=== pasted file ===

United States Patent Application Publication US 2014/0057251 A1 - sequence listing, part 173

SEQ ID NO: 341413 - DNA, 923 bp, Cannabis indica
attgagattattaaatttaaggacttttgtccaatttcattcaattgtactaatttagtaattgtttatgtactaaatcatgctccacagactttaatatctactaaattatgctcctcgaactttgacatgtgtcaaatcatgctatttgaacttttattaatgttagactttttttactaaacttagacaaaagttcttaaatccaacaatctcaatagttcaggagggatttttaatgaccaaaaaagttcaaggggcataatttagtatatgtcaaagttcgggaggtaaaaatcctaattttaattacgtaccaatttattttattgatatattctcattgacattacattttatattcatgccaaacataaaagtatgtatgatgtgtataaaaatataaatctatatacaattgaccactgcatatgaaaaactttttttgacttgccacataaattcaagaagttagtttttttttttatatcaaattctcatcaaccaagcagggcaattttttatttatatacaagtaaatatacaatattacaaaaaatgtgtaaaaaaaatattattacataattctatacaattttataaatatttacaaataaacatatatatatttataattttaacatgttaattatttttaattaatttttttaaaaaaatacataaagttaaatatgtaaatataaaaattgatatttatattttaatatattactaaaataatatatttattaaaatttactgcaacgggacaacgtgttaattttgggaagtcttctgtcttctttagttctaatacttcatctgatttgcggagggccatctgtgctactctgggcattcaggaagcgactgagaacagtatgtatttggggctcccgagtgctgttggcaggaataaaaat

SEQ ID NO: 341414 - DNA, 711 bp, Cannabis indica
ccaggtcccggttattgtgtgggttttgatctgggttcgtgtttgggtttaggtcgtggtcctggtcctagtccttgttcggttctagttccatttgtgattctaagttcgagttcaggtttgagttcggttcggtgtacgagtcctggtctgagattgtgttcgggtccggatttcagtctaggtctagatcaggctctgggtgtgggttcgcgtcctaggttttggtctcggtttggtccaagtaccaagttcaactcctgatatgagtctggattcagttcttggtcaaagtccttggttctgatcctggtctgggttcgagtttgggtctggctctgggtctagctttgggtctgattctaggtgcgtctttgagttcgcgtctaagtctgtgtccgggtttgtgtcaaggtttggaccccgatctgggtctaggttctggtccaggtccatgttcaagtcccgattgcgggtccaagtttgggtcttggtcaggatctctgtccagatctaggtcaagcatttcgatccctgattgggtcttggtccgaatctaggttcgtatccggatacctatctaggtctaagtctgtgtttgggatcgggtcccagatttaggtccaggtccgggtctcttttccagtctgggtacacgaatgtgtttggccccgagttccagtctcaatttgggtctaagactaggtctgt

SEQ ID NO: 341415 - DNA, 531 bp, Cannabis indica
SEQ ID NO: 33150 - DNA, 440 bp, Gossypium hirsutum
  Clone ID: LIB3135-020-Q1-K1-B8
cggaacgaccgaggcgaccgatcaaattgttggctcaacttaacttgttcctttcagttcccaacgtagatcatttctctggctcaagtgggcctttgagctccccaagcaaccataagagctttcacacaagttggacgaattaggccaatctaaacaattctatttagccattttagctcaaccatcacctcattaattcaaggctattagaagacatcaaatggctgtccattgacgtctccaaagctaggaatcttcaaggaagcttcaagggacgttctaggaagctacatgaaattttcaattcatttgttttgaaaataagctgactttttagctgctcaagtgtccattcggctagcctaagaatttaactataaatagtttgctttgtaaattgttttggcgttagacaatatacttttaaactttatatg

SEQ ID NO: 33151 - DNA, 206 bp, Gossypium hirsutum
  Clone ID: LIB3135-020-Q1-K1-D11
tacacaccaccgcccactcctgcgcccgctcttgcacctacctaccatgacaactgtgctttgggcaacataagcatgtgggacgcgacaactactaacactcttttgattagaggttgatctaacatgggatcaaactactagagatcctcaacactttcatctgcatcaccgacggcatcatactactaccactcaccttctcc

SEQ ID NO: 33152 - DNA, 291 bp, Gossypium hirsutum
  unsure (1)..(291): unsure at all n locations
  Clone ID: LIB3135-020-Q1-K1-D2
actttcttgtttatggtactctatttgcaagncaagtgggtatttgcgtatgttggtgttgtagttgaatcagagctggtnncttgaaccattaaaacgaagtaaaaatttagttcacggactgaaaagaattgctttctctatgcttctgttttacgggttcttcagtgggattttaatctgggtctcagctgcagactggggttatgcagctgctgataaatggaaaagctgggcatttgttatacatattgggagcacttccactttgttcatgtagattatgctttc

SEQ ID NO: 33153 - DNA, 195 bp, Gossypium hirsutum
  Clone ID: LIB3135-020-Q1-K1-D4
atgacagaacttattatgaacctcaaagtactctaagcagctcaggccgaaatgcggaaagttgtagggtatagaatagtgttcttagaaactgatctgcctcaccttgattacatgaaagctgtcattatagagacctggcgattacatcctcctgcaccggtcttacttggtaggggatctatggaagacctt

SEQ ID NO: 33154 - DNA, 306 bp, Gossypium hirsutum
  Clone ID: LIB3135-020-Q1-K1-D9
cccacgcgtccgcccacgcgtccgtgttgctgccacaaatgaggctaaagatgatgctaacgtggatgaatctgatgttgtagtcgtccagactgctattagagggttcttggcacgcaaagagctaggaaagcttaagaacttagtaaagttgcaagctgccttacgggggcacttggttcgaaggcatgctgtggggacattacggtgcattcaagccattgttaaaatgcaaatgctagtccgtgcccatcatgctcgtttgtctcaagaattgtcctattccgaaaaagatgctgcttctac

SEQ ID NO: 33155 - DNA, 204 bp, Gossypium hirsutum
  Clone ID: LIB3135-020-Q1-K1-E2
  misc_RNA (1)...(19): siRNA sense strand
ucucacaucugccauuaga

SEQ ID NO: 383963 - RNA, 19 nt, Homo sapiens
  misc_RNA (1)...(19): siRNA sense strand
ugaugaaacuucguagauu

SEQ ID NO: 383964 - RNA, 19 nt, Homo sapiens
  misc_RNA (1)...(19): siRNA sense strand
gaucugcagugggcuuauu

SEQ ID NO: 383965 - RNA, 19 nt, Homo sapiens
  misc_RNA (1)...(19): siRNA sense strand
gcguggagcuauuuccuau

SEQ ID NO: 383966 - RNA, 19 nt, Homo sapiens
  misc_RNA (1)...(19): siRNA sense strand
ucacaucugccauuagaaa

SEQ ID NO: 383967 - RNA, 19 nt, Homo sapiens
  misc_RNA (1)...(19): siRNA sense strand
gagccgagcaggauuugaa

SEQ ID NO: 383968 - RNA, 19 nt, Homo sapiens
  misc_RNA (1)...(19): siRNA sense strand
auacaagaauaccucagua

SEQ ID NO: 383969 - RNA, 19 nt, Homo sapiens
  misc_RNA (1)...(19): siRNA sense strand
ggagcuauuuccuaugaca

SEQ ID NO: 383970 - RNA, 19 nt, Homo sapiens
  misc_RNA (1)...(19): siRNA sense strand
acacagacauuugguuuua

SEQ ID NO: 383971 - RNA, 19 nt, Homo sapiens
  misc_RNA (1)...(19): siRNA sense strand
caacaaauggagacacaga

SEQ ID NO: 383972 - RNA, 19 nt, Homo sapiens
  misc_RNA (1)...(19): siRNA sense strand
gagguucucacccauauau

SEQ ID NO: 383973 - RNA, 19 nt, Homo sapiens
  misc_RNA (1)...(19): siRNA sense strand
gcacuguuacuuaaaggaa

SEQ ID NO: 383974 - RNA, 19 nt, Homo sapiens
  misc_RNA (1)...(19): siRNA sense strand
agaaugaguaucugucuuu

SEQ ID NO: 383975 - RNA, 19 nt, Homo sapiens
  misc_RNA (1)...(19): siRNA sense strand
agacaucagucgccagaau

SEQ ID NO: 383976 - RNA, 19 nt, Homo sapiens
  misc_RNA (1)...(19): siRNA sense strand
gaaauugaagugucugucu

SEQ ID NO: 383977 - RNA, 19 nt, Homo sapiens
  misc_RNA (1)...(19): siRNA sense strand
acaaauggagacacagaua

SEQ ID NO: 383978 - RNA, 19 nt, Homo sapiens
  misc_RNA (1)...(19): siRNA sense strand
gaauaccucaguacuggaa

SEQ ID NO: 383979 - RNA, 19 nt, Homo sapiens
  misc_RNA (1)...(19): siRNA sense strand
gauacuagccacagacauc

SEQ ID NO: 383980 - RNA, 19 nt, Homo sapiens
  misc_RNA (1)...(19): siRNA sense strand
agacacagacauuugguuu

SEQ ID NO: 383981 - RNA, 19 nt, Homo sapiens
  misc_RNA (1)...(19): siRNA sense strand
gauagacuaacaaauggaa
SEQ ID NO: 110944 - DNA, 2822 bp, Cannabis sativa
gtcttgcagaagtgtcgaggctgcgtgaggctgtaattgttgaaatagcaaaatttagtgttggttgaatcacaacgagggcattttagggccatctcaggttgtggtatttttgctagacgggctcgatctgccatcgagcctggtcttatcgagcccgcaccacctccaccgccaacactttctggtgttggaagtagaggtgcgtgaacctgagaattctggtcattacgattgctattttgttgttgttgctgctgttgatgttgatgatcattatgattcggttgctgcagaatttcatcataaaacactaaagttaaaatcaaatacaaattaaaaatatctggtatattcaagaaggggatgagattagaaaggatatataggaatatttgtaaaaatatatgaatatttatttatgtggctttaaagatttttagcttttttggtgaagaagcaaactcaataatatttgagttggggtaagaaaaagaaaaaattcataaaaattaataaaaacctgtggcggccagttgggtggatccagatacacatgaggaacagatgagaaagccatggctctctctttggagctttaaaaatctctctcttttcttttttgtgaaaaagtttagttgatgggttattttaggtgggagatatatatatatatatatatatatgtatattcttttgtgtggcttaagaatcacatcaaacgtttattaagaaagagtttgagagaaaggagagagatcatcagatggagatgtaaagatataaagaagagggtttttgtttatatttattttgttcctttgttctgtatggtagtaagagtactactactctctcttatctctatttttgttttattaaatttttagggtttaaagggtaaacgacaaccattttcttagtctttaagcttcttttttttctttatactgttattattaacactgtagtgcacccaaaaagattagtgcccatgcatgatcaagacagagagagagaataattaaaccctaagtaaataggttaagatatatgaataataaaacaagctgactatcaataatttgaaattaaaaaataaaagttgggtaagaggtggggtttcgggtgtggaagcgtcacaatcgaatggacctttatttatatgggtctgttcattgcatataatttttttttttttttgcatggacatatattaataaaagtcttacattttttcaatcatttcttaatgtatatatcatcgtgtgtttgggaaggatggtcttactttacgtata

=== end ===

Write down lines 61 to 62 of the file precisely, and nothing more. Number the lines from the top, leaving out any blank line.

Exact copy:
  misc_RNA (1)...(19): siRNA sense strand
agaaugaguaucugucuuu